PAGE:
Defense Hawks and Deficit Hawks
We meet to discuss the budget under the ominously growing shadow of unprecedented debt that has literally doubled in the last eight years. With crushing debt comes ruinous interest that the CBO warns will exceed our entire military budget within the decade on our current trajectory.
The budget produced by the House Budget Committee meets our current defense demands by adding additional money in the war account, while funding that increase through a concomitant decrease in other spending. That will hold us on a trajectory to balance the budget in less than ten years and then begin paying down the unprecedented debt this administration has run up.
Unfortunately, this has met with opposition from so-called defense hawks who want the extra spending for defense and don’t want to go through the fuss and bother of paying for it. And therein lies the problem.
This is not just a one-year increase. Because it hikes defense spending without making other cuts, it changes our overall spending trajectory over the next ten years.
Here is the simple math of the matter. This adds more than $20 billion to our total spending this year and in effect repudiates the budget plan for additional reductions next year. On this new trajectory, there will be no balanced budget in ten years – even if we enacted every other reform called for in the budget and maintained all other departments within these constraints.
After ten years, we will still be running deficits of nearly $100 billion a year and interest costs will have eaten us alive.
I'm curious how the self-proclaimed defense hawks plan to defend our country when our credit is shot and our debt service is approaching a trillion dollars a year? They forget that in the spring of 1945, carrying a debt proportional to the one we have today, there was serious doubt whether we could continue to conduct the war for another year.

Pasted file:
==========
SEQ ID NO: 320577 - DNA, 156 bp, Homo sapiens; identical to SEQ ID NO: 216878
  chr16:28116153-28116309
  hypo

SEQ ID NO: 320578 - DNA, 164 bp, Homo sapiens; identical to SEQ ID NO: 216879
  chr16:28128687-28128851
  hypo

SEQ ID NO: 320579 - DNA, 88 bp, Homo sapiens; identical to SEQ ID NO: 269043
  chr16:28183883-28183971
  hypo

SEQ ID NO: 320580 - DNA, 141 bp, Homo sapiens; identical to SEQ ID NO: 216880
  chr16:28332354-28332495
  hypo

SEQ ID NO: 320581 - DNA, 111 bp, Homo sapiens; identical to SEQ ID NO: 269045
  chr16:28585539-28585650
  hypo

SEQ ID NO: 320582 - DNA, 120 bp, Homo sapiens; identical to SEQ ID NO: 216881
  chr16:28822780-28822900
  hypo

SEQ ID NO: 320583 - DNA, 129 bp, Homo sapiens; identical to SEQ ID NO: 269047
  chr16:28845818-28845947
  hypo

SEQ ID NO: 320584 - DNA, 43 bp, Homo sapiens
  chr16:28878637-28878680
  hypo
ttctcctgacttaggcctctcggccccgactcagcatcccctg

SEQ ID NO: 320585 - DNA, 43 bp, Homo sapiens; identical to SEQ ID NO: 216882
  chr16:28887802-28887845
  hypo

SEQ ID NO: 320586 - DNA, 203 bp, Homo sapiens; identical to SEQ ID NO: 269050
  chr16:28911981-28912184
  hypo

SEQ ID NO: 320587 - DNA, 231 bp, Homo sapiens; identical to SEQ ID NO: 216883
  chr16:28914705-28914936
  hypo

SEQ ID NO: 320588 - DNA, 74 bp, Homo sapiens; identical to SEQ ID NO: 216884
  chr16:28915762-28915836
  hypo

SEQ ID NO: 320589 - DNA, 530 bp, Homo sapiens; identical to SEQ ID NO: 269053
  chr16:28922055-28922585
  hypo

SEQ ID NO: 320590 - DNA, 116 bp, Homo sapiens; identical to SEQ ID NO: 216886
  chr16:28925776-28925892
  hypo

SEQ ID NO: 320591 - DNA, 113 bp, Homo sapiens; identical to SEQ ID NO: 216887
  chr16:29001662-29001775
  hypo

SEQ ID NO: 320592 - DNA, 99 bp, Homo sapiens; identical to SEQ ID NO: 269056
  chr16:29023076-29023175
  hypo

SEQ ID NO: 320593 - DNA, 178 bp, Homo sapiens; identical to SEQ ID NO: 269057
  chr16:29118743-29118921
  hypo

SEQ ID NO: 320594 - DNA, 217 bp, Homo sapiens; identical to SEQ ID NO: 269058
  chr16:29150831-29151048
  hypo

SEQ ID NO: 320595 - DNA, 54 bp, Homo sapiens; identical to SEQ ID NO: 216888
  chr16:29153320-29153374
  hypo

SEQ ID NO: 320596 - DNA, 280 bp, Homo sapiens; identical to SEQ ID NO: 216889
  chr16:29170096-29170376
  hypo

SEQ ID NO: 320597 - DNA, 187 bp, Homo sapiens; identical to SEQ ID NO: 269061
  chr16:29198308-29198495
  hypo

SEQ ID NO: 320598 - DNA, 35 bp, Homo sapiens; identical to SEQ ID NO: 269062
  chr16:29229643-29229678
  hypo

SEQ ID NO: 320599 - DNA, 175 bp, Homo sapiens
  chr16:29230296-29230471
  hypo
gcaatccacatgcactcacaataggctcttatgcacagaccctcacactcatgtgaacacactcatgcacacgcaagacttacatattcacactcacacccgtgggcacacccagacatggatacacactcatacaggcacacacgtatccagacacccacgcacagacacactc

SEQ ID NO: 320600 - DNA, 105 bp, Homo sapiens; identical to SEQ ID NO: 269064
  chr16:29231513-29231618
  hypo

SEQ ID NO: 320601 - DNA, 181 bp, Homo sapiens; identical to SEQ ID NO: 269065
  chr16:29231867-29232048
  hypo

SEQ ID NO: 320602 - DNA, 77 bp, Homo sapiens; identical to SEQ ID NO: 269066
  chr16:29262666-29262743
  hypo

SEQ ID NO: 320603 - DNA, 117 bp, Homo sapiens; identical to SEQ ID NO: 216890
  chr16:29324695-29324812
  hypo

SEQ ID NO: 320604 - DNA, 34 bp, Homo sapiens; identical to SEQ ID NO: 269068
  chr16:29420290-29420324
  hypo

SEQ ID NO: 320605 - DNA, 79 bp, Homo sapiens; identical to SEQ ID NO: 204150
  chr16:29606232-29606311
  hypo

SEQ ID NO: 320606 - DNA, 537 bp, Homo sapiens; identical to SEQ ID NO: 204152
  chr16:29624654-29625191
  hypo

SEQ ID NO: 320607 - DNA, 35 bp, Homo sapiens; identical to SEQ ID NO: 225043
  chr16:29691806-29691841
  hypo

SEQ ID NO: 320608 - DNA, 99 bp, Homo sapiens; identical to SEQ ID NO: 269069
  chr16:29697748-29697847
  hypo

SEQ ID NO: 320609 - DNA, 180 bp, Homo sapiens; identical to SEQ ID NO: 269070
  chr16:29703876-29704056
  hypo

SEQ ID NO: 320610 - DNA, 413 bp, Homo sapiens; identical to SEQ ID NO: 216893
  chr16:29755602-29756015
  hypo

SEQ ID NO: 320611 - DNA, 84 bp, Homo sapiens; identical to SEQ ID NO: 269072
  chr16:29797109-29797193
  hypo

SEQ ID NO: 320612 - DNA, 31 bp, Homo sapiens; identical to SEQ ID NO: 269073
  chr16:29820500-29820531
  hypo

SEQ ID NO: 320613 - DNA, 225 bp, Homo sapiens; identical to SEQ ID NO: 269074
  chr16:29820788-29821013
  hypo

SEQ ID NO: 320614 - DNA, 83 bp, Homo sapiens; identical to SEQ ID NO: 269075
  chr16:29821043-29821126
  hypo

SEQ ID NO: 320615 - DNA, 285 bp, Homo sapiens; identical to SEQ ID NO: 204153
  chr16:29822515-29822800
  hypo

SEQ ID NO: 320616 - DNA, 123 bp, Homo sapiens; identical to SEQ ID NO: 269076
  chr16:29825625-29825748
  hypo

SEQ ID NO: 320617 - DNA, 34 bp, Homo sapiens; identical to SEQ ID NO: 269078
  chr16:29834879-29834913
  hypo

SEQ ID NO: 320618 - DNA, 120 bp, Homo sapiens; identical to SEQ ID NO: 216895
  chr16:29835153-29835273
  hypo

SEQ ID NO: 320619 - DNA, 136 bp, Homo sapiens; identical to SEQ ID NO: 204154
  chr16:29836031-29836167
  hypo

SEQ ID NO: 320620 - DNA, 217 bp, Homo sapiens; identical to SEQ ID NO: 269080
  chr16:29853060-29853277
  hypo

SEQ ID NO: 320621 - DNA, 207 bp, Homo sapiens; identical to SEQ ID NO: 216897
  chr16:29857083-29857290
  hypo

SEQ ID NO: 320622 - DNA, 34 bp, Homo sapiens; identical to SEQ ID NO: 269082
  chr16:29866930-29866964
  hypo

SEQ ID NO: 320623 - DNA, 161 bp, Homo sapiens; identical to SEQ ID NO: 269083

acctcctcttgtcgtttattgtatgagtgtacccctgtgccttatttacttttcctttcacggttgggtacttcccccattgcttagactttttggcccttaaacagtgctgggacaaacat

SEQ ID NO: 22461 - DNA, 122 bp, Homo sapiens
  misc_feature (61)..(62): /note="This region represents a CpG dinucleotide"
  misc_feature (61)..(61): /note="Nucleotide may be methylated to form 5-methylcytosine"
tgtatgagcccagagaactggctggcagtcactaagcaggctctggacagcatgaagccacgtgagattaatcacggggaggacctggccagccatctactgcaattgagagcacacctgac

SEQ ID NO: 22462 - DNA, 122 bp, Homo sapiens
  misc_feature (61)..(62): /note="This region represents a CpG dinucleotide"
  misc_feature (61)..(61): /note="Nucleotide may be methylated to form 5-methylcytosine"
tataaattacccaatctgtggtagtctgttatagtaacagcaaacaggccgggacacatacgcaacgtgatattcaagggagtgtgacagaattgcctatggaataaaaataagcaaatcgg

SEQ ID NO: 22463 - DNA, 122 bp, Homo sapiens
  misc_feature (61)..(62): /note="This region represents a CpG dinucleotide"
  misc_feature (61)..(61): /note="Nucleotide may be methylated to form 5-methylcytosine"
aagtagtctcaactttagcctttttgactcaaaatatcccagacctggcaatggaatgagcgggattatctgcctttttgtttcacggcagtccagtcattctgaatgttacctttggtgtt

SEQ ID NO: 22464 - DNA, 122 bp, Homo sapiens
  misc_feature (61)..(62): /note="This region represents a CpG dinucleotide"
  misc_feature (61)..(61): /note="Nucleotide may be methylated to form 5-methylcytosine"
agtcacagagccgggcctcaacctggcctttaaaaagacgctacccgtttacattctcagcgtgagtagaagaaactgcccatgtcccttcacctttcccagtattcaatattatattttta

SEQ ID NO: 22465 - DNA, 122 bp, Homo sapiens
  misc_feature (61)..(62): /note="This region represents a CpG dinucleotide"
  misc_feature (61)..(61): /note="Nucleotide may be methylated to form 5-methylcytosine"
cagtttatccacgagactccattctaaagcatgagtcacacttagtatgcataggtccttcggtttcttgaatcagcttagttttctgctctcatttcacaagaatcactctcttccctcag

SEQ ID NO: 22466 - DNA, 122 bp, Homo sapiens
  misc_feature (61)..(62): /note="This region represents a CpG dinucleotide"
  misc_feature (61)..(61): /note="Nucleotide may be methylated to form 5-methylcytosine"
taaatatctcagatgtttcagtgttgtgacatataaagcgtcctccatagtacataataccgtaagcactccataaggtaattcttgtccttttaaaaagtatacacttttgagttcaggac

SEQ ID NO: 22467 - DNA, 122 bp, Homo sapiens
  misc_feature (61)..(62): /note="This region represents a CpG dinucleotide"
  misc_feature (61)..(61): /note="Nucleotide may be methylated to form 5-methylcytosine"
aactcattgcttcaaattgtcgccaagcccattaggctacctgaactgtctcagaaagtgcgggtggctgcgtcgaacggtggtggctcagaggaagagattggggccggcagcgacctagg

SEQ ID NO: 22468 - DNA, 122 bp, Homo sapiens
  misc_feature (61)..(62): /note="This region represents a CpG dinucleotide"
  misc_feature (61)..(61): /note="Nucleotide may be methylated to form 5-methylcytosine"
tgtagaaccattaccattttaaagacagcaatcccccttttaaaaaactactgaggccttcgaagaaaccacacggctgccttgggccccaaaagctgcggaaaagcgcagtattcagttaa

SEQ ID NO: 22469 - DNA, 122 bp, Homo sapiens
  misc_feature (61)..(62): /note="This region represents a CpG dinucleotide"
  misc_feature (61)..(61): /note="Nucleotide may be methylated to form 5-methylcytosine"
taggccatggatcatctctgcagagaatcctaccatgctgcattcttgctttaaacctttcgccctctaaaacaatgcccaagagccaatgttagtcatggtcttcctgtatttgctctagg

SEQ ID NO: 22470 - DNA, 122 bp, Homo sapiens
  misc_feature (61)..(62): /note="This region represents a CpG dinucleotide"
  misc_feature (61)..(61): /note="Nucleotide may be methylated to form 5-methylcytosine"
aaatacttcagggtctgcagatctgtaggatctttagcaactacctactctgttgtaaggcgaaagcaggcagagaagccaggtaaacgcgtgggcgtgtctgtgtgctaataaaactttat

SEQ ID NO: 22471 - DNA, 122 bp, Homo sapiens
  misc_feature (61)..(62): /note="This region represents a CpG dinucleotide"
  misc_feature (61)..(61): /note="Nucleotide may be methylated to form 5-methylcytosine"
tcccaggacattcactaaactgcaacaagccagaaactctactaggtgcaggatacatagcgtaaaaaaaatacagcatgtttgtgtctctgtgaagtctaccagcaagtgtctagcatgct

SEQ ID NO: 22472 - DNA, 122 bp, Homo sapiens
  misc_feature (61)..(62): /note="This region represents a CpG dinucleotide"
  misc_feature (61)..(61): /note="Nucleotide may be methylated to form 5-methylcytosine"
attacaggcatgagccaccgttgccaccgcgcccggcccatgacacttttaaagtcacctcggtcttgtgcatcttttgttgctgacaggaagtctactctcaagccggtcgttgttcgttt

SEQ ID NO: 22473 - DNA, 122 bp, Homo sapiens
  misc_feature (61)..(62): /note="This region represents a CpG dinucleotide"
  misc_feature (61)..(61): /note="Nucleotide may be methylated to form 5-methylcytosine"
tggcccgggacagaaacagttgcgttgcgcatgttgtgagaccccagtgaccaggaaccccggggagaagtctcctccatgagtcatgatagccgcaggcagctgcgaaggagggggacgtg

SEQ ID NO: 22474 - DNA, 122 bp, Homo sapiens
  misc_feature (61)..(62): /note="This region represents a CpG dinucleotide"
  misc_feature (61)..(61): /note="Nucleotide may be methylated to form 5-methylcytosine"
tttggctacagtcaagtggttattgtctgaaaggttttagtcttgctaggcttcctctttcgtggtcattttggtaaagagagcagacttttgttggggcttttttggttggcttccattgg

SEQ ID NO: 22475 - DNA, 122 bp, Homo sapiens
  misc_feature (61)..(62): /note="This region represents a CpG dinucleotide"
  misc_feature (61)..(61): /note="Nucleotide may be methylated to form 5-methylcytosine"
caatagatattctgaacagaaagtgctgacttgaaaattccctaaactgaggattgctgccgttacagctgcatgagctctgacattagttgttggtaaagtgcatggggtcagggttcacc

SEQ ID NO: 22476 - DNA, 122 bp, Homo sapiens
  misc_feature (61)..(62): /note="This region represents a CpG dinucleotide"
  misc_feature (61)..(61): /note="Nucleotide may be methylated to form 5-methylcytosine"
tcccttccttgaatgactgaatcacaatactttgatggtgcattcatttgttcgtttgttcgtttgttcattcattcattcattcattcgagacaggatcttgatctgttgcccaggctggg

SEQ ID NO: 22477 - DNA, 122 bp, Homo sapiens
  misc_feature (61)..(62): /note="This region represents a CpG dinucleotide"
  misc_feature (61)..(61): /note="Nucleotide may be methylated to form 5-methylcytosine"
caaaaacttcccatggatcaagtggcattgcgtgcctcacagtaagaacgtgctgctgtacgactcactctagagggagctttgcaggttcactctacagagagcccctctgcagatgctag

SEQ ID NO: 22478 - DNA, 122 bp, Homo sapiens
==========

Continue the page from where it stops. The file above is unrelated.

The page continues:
When he was Chairman of the Joint Chiefs of Staff, Admiral Mike Mullin warned that in his professional MILITARY judgment, the greatest threat to our national security is the national debt. He made that warning five years and 4 ½ TRILLION dollars of debt ago.
History warns us that countries that bankrupt themselves aren’t around very long, because before you can provide for the common defense, you have to be able to pay for it, and the ability of our nation to do so is coming into grave doubt. This budget offers us a very narrow path out of debt while continuing to fund our military at the requested levels, and its adoption – intact – is indispensable both to our short term AND long term defense needs.
Mr. Speaker, we have a stark choice before us: pay for needed increases in defense by reducing other spending or refuse to pay for those increases and sacrifice the long-term security and prosperity of our country on the altar of instant gratification.
Among the most chilling words in history are attributed to Louis XV – “After us, the flood.” Let that not be the epitaph of this Congress.